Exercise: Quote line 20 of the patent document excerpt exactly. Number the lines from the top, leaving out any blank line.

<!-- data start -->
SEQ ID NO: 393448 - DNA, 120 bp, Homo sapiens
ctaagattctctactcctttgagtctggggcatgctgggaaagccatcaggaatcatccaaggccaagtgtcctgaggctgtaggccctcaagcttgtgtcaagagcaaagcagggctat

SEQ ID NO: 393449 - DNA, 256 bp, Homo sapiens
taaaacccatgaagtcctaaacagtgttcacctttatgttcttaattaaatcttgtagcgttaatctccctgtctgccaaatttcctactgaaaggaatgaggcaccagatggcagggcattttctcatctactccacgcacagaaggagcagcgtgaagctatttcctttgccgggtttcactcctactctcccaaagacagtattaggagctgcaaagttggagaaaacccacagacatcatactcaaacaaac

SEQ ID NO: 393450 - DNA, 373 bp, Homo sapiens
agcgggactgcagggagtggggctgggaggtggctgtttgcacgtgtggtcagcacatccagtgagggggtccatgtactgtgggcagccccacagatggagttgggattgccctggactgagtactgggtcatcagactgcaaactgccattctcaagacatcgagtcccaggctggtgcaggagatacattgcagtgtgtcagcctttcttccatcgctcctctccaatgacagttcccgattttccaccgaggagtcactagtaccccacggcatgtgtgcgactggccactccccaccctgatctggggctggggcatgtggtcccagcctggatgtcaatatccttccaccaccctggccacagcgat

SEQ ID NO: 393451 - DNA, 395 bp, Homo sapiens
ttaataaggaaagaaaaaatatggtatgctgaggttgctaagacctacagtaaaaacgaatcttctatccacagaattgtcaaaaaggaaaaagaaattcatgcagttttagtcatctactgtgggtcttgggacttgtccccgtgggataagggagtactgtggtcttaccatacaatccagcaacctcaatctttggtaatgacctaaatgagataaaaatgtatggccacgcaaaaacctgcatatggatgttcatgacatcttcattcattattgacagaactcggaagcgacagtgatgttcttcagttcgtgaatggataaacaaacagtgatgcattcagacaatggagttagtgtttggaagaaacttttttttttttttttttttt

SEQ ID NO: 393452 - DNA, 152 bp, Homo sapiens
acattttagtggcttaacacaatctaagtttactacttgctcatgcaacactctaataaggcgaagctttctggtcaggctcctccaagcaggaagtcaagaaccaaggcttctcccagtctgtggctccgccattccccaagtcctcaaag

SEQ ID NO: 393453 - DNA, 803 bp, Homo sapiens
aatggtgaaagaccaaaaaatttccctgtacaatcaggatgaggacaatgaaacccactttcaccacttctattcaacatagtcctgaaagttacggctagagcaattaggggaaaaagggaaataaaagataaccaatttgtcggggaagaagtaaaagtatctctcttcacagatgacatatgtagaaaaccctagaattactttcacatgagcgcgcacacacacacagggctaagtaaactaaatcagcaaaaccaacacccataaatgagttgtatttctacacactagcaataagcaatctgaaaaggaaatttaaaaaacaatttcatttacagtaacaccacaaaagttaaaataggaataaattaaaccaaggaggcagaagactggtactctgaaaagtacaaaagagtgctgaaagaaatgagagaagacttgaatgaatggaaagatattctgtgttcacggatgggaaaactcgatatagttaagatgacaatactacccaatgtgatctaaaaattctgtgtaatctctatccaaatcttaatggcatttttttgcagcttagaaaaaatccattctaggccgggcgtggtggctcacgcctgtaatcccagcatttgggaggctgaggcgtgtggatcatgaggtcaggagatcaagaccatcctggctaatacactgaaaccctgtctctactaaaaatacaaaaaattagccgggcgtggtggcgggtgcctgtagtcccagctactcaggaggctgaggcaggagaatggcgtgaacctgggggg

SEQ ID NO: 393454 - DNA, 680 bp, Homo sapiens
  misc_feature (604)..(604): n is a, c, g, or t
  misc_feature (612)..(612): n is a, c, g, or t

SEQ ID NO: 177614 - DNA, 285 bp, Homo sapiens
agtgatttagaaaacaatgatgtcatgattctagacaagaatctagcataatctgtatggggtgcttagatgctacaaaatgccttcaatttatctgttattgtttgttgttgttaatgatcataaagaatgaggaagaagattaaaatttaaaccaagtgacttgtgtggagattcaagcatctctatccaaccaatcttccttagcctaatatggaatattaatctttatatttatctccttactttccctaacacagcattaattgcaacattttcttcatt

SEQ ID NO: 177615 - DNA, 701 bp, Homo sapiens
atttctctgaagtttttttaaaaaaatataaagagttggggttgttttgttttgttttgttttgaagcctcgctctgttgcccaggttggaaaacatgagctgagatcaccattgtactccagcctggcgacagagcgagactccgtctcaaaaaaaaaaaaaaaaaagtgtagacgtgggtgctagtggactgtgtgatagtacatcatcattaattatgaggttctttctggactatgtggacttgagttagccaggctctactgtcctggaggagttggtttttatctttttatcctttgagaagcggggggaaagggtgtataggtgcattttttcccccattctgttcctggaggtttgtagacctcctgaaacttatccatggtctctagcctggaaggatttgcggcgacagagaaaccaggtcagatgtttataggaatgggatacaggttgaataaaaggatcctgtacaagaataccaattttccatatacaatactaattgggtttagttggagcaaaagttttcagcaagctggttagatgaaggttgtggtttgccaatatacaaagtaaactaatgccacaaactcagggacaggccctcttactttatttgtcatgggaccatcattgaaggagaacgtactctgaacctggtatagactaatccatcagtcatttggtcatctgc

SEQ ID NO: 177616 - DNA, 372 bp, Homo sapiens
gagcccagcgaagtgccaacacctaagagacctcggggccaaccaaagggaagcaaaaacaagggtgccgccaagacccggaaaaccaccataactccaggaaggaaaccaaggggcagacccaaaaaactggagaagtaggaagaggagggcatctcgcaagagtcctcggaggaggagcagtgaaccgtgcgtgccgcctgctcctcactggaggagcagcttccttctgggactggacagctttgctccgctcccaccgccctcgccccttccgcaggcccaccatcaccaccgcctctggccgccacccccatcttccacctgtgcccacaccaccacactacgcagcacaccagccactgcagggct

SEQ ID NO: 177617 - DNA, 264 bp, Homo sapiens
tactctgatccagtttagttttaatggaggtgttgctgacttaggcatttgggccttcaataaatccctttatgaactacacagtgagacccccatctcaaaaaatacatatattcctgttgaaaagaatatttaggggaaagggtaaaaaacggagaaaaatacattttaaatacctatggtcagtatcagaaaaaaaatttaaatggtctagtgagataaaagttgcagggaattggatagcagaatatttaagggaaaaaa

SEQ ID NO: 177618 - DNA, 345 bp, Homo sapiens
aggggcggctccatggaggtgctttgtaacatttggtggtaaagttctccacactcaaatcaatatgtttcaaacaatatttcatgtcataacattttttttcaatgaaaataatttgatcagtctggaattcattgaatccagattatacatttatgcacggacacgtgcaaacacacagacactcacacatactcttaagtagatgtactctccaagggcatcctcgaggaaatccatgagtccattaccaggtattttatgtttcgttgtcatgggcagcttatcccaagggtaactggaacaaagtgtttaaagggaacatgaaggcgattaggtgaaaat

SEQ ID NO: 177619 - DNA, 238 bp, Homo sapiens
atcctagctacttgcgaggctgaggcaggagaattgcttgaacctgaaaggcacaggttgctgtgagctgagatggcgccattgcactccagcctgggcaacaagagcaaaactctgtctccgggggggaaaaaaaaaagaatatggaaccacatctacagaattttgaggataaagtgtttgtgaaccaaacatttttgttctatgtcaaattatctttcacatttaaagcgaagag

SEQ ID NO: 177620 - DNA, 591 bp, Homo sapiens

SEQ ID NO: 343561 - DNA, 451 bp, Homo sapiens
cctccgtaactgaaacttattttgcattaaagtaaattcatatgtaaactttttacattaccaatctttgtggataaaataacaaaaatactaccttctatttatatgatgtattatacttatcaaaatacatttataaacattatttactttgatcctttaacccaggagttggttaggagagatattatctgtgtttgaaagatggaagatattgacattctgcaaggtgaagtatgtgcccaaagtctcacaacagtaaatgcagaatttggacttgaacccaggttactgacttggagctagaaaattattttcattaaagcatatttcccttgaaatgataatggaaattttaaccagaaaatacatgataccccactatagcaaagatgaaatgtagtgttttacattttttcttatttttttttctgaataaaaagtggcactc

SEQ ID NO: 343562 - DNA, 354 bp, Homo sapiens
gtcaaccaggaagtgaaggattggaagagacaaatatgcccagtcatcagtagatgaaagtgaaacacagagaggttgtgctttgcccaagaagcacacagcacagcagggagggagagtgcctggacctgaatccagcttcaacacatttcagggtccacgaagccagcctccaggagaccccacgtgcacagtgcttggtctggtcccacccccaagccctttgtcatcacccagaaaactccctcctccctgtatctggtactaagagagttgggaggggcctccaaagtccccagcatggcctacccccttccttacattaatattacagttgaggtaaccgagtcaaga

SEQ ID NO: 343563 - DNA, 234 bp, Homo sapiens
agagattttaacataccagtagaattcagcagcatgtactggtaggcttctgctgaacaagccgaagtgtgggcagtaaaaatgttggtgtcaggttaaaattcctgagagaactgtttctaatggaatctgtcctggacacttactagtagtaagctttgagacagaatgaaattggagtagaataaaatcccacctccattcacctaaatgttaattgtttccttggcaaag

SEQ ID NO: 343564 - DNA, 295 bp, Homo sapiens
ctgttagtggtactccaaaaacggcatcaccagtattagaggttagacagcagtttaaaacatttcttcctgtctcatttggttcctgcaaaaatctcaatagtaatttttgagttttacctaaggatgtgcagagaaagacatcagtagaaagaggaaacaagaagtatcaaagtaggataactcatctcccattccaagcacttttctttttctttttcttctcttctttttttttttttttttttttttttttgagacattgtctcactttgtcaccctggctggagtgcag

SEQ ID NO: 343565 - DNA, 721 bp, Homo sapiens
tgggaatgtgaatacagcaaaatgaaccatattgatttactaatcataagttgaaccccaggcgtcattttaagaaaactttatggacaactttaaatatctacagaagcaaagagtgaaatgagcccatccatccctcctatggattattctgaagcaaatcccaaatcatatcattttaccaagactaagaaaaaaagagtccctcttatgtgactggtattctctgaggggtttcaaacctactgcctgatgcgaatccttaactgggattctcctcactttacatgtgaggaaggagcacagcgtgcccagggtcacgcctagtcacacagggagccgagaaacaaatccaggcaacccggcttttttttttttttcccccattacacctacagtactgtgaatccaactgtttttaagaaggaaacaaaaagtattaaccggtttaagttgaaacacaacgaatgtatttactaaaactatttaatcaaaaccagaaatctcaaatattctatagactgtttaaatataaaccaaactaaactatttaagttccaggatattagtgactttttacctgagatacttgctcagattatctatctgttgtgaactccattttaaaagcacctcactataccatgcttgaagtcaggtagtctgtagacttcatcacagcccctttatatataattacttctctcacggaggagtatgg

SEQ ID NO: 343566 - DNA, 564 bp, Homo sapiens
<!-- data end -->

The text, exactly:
SEQ ID NO: 177616 - DNA, 372 bp, Homo sapiens